|Japan's most ancient luxurious silk textiles
The longer you wear Yuki Tsumugi, its colors become deeper, and the silken luster more gracefully subtle. Durable and mellow to the touch, material made of this fine silk has the reputation as being the finest of kimono textiles.
Yuki Tsumugi is produced in a 20-kilometer (12.4-miles) stretched area along Kinu River, the river of crystal-clear water that forms the border of Ibaraki and Tochigi Prefectures in eastern Japan.
Floss silk (made from boiled cocoons that are washed and stretched in lukewarm water, then dried in the shade) is used as it is spun, without being twisted into thread. The extremely fine strands are too delicate for automatic looms, but are woven on unique manual looms. All processes are done by hand, starting with spinning from the floss-silk, creating a pattern on the thread and dying it deep blue, ending with the weaving itself. It can take several months to weave one tan (unit of kimono) (38 cm/15 in. by 10.6 m/11.6 yd.).
Yuki Tsumugi has a long history and is mentioned in the literature written in the Nara period (8th century). Among the famous local products presented by Hitachi no Kuni (present-day Ibaraki Prefecture) in tribute to the Imperial Court was the forerunner of Tsumugi, and this is still preserved at Shosoin in Nara.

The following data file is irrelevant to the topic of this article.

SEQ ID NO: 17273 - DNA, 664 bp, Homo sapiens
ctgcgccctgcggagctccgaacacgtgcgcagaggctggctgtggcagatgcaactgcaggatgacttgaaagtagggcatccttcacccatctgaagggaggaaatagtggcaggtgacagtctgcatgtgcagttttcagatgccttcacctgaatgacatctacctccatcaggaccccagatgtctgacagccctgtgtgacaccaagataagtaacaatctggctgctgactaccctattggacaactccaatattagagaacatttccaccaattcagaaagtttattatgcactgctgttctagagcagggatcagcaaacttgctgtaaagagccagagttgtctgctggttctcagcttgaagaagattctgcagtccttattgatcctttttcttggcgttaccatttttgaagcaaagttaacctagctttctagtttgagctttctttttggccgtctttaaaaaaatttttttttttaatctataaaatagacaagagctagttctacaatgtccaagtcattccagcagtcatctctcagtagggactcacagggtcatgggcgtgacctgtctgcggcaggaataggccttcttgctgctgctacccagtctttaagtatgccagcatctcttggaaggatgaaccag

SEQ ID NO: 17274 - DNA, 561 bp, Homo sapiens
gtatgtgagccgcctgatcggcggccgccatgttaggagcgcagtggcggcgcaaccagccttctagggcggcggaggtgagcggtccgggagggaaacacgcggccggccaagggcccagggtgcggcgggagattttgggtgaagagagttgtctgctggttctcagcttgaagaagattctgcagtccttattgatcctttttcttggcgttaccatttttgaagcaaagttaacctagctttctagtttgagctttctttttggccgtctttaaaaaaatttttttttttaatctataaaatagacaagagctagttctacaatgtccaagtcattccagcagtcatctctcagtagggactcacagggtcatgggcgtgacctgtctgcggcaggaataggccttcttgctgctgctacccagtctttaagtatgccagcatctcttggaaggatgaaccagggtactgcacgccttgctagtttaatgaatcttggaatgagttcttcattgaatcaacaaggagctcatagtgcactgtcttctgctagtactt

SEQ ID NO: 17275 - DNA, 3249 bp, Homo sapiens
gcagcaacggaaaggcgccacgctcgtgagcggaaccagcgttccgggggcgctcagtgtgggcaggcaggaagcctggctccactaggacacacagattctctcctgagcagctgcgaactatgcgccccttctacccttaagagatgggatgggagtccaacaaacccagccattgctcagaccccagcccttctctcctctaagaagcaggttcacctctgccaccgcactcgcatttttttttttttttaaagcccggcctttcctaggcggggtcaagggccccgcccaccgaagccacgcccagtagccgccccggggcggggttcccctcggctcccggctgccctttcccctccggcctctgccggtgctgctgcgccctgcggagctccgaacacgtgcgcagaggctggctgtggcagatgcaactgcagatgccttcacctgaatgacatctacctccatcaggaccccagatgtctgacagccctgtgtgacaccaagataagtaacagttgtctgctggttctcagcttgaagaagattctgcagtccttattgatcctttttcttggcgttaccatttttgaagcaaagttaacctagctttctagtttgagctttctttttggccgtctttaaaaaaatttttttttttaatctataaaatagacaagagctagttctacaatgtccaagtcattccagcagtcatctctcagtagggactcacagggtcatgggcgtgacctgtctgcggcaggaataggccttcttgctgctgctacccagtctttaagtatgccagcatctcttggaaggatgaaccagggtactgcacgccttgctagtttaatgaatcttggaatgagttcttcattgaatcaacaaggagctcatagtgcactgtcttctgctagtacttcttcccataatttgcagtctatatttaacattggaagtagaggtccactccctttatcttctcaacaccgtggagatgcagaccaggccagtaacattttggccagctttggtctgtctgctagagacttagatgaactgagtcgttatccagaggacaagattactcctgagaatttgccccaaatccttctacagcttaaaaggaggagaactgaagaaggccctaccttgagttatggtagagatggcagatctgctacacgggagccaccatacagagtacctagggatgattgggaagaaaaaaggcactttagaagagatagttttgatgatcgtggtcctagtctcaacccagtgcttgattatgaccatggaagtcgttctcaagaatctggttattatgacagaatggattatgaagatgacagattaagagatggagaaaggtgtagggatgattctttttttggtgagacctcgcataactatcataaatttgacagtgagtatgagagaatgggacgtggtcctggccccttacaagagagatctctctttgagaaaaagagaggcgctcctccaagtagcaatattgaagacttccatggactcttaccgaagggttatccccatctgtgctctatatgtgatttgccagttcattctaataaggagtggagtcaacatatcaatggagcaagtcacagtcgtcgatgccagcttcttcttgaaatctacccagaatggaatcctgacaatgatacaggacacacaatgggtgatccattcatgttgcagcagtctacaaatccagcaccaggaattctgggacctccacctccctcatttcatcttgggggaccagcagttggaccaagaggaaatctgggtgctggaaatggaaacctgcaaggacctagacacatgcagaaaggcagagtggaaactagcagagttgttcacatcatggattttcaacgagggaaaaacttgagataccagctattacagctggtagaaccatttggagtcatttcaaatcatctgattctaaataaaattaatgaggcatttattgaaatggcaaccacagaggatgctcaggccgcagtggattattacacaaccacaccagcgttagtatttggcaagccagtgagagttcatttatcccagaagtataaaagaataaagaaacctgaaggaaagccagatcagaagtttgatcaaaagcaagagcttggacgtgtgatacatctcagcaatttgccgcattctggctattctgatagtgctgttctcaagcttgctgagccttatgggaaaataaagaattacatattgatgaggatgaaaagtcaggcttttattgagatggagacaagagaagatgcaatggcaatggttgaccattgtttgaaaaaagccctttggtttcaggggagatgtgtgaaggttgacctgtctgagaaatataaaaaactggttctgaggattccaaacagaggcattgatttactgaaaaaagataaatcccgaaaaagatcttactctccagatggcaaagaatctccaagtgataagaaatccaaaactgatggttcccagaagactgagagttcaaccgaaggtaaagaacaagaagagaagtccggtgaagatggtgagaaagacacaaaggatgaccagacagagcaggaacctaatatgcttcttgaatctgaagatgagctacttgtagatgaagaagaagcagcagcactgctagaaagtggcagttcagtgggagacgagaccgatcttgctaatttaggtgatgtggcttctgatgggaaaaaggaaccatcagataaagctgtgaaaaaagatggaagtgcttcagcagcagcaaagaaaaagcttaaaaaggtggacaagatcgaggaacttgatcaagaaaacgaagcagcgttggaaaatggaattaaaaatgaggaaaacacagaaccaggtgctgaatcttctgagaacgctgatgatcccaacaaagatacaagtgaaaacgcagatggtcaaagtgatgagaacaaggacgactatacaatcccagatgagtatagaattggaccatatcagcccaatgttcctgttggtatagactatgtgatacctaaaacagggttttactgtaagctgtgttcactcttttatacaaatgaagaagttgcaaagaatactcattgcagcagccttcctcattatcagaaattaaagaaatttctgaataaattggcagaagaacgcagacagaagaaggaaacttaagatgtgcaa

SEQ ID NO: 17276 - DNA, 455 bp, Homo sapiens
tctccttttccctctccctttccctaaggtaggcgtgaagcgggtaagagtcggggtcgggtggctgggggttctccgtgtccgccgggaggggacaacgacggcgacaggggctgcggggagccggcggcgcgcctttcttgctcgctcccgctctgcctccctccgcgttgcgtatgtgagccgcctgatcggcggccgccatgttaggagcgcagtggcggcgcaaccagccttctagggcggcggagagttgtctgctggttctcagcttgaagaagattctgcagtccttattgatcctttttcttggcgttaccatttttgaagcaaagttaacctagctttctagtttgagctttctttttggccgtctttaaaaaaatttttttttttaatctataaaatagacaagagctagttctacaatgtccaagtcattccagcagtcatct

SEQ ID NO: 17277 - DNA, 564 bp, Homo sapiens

During the Muromachi period (14th to 16th centuries) the cloth was known as Hitachi silk, and became a famous regional product. The local lords of the Yuki family became patrons of the industry and presented the cloth to the Shogun of that period, thus the cloth came to be known as Yuki Tsumugi.
Since the beginning, a large number of creative refinements through the whole production process have been handed down through the ages. These days Yuki Tsumugi represent the Pongee of Japan. Yuki Tsumugi was designated as an Important Intangible Cultural Property in 1956, and as a Traditional Craft in 1977.
Photo: Kimono and cloths of Yuki Tsumugi (Ibaraki Prefecture)
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